My brother Greg has started a new tradition for his birthday – he holds a chili cook-off! This year was the first annual, and my other brother Michael took first place. Greg crafted this awesome trophy made from a white elephant Christmas gift, which the winner will keep until the next cook-off comes around at the end of January (click for a larger version). It’s cool because there’s room for the previous winner’s photo to stay in there so photos can be added and a history kept. Neat!
Here’s the recipe for my brother’s yummy, award-winning chili (originally posted here):
1 1/2 pounds tomatillos
5 garlic cloves, not peeled
2 jalapenos, seeds and ribs removed, chopped
2 Anaheim or Poblano chiles (optional)
1 bunch cilantro leaves, cleaned and chopped
3 1/2 to 4 pounds pork shoulder (also called pork butt), trimmed of excess fat and cut into 1 to 2-inch cubes
Freshly ground black pepper
2 yellow onions
3 garlic cloves, peeled and finely chopped
2 Tbsp of chopped fresh oregano or 1 Tbsp of dried oregano
2 1/2 cups chicken stock
Pinch of ground cloves
1 Remove papery husks from tomatillos and rinse well. Cut in half and place cut side down, along with 5 unpeeled garlic cloves, on a foil-lined baking sheet. Place under a broiler for about 5-7 minutes to lightly blacken the skin. Remove from oven, let cool enough to handle.
If you want the additional flavor of chiles other than jalapenos, you can add a couple Anaheim or poblano chiles. Either use canned green chiles or roast fresh chilies over a gas flame or under the broiler until blackened all around. Let cool in a bag, remove the skin, seeds, and stem.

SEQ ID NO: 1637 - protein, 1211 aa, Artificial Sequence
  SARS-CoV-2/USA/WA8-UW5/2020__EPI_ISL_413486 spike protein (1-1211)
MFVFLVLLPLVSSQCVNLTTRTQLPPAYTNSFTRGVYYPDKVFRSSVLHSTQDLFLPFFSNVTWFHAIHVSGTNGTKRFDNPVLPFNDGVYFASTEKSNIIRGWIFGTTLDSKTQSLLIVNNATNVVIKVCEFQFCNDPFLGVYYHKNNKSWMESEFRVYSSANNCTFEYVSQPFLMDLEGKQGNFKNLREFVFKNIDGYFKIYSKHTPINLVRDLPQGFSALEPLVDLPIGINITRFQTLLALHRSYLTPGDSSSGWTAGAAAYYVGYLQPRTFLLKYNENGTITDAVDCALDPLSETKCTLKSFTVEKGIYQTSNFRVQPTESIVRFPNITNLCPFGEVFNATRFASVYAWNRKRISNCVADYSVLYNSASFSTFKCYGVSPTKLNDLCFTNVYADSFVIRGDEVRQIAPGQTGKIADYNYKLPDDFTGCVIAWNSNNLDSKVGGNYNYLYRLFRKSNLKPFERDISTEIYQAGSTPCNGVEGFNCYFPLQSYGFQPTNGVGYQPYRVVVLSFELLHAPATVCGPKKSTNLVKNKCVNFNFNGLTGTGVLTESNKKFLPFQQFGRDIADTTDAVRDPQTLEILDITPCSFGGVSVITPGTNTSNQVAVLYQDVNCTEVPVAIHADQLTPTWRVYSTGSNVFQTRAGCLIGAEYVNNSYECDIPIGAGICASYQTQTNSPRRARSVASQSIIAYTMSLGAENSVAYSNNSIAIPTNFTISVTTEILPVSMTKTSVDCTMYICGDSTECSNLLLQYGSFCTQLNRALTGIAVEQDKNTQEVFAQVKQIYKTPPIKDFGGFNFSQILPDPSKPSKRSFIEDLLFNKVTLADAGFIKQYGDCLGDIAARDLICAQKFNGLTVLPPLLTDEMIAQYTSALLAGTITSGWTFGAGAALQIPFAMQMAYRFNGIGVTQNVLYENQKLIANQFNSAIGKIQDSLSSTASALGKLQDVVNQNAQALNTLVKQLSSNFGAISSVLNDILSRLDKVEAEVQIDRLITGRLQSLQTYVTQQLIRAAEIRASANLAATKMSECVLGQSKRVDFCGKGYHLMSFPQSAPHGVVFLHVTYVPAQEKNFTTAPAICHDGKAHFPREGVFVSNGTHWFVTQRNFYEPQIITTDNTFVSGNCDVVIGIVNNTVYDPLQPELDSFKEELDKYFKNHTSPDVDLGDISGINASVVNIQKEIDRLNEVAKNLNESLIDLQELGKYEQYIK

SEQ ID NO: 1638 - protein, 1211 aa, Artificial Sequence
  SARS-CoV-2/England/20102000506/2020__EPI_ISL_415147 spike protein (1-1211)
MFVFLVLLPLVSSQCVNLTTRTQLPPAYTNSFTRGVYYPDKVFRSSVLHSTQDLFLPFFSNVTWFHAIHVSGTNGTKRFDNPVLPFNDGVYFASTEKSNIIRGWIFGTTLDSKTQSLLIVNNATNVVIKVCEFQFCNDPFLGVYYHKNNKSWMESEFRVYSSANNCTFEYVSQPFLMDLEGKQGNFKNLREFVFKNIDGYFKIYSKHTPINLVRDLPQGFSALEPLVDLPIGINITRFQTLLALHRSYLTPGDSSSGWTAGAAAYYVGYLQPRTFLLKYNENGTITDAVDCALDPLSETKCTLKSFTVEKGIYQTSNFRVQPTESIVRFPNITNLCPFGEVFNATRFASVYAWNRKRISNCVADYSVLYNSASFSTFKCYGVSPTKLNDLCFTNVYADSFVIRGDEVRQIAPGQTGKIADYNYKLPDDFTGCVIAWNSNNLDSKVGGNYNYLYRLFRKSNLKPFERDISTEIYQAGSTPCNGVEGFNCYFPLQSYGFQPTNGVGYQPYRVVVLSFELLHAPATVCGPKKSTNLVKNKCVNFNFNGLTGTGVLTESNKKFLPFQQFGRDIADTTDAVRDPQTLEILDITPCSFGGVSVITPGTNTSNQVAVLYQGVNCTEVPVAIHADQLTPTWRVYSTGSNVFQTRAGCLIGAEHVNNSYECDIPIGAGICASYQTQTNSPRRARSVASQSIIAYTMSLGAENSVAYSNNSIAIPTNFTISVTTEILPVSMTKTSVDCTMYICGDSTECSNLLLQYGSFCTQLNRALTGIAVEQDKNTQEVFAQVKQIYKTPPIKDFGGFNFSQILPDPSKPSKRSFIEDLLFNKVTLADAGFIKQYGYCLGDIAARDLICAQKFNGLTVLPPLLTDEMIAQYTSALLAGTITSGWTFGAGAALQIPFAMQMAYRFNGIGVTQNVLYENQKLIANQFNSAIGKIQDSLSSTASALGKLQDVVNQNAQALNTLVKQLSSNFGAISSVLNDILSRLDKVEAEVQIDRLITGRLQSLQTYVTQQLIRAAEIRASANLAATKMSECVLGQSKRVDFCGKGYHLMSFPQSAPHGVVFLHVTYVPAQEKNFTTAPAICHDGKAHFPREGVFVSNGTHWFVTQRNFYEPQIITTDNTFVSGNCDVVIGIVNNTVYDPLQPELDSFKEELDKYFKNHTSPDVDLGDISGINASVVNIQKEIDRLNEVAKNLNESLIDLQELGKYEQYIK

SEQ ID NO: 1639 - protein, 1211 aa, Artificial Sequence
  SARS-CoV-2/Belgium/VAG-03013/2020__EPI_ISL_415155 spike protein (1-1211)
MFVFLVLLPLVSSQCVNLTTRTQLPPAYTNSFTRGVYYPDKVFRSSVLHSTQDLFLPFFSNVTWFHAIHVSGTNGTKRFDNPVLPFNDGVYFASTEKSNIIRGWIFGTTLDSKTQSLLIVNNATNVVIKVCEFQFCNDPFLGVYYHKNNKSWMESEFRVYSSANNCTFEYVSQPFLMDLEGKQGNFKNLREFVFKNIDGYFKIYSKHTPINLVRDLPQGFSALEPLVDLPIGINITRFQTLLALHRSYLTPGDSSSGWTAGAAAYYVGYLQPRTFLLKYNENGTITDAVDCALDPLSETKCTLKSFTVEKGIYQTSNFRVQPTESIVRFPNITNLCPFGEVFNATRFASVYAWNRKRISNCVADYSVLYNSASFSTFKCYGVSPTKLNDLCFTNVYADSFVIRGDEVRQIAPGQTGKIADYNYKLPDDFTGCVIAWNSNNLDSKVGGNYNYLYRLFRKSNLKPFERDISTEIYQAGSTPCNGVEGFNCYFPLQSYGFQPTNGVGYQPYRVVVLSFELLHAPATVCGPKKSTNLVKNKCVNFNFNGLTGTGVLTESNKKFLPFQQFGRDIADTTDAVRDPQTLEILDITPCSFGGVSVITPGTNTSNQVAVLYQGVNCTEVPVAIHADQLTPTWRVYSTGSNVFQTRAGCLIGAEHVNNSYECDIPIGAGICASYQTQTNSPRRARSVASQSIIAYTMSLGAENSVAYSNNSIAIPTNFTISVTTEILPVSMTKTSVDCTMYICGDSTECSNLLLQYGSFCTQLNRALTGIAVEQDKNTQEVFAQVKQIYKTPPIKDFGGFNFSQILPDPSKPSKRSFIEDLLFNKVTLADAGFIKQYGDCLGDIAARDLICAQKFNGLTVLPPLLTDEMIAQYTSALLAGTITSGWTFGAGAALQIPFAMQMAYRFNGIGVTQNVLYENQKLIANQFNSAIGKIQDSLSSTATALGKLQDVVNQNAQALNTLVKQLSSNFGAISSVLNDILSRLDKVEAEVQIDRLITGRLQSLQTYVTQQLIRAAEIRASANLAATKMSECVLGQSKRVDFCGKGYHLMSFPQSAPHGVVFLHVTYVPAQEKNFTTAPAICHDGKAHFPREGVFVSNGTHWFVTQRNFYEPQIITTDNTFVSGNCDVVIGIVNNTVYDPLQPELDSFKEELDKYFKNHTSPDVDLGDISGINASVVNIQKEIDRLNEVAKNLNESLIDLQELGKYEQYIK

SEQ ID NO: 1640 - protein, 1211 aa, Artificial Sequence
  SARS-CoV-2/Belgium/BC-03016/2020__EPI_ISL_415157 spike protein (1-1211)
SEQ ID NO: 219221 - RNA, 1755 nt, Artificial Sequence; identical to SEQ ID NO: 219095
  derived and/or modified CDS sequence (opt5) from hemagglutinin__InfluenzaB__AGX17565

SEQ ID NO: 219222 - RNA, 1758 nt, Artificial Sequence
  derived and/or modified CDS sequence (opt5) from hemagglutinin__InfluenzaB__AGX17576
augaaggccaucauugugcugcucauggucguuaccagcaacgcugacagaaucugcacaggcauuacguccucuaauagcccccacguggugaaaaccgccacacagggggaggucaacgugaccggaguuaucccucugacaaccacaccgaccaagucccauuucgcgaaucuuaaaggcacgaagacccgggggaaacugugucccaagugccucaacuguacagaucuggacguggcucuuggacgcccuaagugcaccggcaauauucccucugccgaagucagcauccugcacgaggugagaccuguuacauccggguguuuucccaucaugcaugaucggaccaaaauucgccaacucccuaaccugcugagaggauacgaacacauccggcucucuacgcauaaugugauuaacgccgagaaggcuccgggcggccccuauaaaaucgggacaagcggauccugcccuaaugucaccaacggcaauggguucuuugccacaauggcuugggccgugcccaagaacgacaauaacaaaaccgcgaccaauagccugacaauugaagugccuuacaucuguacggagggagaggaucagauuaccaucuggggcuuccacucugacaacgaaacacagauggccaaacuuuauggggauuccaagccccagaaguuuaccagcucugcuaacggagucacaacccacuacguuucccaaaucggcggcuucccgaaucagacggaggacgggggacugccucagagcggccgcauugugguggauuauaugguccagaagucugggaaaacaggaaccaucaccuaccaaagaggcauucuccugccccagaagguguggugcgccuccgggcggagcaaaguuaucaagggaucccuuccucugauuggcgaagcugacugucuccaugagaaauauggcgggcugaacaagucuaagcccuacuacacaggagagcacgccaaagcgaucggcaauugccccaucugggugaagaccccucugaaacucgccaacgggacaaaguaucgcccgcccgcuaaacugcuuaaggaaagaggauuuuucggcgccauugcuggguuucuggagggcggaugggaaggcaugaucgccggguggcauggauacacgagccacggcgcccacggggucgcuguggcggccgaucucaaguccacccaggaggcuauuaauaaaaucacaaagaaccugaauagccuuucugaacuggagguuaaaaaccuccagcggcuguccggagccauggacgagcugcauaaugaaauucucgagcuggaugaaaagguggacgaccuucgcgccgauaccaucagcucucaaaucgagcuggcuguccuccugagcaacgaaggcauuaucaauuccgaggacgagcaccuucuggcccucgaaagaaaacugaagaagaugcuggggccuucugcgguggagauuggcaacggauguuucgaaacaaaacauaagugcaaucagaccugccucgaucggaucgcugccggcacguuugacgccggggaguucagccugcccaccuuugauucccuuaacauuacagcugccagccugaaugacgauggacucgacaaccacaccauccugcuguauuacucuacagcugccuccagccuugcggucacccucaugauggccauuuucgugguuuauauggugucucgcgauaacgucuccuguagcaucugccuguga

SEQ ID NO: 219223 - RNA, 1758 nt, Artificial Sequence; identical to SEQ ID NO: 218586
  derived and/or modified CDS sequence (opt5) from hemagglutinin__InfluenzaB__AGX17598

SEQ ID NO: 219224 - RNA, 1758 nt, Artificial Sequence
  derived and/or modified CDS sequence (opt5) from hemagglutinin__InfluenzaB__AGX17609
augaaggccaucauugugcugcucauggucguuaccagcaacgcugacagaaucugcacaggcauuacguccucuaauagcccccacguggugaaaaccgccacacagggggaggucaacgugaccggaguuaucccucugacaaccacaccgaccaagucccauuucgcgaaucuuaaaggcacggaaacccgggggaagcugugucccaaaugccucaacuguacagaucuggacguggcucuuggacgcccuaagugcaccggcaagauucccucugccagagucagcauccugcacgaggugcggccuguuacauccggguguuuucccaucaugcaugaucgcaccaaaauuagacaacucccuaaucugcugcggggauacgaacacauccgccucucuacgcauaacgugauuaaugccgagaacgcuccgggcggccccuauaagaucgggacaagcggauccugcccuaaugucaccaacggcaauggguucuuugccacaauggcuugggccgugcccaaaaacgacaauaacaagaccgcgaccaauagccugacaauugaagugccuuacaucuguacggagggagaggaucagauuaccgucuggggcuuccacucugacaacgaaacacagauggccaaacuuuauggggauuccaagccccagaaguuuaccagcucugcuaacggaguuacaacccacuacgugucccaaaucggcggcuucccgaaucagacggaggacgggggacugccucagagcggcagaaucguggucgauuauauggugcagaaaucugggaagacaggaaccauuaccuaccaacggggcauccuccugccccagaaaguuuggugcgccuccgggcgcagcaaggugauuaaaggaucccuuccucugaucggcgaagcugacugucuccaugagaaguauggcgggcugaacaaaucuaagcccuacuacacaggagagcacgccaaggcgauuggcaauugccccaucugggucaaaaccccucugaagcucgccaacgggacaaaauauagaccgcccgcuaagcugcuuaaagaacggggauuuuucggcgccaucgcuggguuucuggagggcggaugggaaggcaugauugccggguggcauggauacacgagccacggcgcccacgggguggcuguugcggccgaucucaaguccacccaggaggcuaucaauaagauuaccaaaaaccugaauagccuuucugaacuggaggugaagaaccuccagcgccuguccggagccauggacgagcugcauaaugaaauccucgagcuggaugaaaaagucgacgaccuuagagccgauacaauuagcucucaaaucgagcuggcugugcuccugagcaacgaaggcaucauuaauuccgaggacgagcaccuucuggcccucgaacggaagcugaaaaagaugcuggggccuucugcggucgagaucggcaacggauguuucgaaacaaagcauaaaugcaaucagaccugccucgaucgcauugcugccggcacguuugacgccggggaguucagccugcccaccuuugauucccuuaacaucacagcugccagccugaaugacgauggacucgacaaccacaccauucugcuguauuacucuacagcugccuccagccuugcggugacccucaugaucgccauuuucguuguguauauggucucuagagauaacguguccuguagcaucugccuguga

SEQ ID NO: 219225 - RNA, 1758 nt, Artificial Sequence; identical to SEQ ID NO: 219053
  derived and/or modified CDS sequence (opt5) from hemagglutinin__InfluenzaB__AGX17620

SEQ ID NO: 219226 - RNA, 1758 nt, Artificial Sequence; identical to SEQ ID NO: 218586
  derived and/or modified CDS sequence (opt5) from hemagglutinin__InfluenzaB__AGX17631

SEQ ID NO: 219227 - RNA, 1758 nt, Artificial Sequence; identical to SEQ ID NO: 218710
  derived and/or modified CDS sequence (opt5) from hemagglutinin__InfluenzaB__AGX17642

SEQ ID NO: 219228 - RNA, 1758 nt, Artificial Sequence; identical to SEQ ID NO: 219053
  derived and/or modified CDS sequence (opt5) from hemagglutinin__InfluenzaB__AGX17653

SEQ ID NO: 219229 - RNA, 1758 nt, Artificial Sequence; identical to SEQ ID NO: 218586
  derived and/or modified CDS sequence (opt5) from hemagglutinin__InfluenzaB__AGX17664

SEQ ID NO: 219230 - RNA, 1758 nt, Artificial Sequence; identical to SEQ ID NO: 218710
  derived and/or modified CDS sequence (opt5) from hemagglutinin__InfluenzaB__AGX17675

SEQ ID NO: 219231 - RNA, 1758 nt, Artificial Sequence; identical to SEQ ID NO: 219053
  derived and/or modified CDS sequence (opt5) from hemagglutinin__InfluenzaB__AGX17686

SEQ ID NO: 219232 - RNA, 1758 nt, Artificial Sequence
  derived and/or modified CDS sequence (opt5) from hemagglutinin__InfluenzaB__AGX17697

2 Place tomatillos, skins included, into blender. Remove the now roasted garlic cloves from their skins, add them to the blender. Add chopped Jalapeño peppers, other chilies (if you are using them), and cilantro to the blender. Pulse until all ingredients are finely chopped and mixed.
3 Season the pork cubes generously with salt and pepper. Heat olive oil in a large, heavy-bottomed skillet over medium high heat and brown pork chunks well on all sides. Work in batches so that the pork is not crowded in the pan and has a better chance to brown well. Using a slotted spoon or tongs, lift pork out of pan and place in bowl, set aside.
4 Pour off excess fat, anything beyond a tablespoon, and place the onions and garlic in the same skillet and cook, stirring occasionally until limp, about 5 minutes. If your skillet is large enough to cook the entire batch of chile verde, with the sauce and meat, then add the pork back to the pan. If not, get a large soup pot and add the onion mixture and the pork to it. Add the oregano to the pan. Add the tomatillo chile verde sauce to the pork and onions. Add the chicken stock (enough to cover the meat). Add a pinch of ground cloves. Add a little salt and pepper. (Not too much as the chile verde will continue to cook down and concentrate a bit.)
5 Bring to a boil and reduce to a slight simmer. Cook for 2-3 hours uncovered or until the pork is fork tender.
Adjust the seasoning to taste with salt and pepper. Serve with Spanish rice and warmed flour tortillas or freshly made corn tortillas.
Michael’s note: I varied my batch slightly in that, instead of chicken stock, I used water and added some bones that I had browned at the same time as the meat. Next time, I would do it the same way, except I wouldn’t brown the bones before adding them.
1 thought on “Award-Winning Chili”
The trophy looks spectacular! Can’t wait to collect it on Saturday.
For 2009, I’m thinking about entering red chili.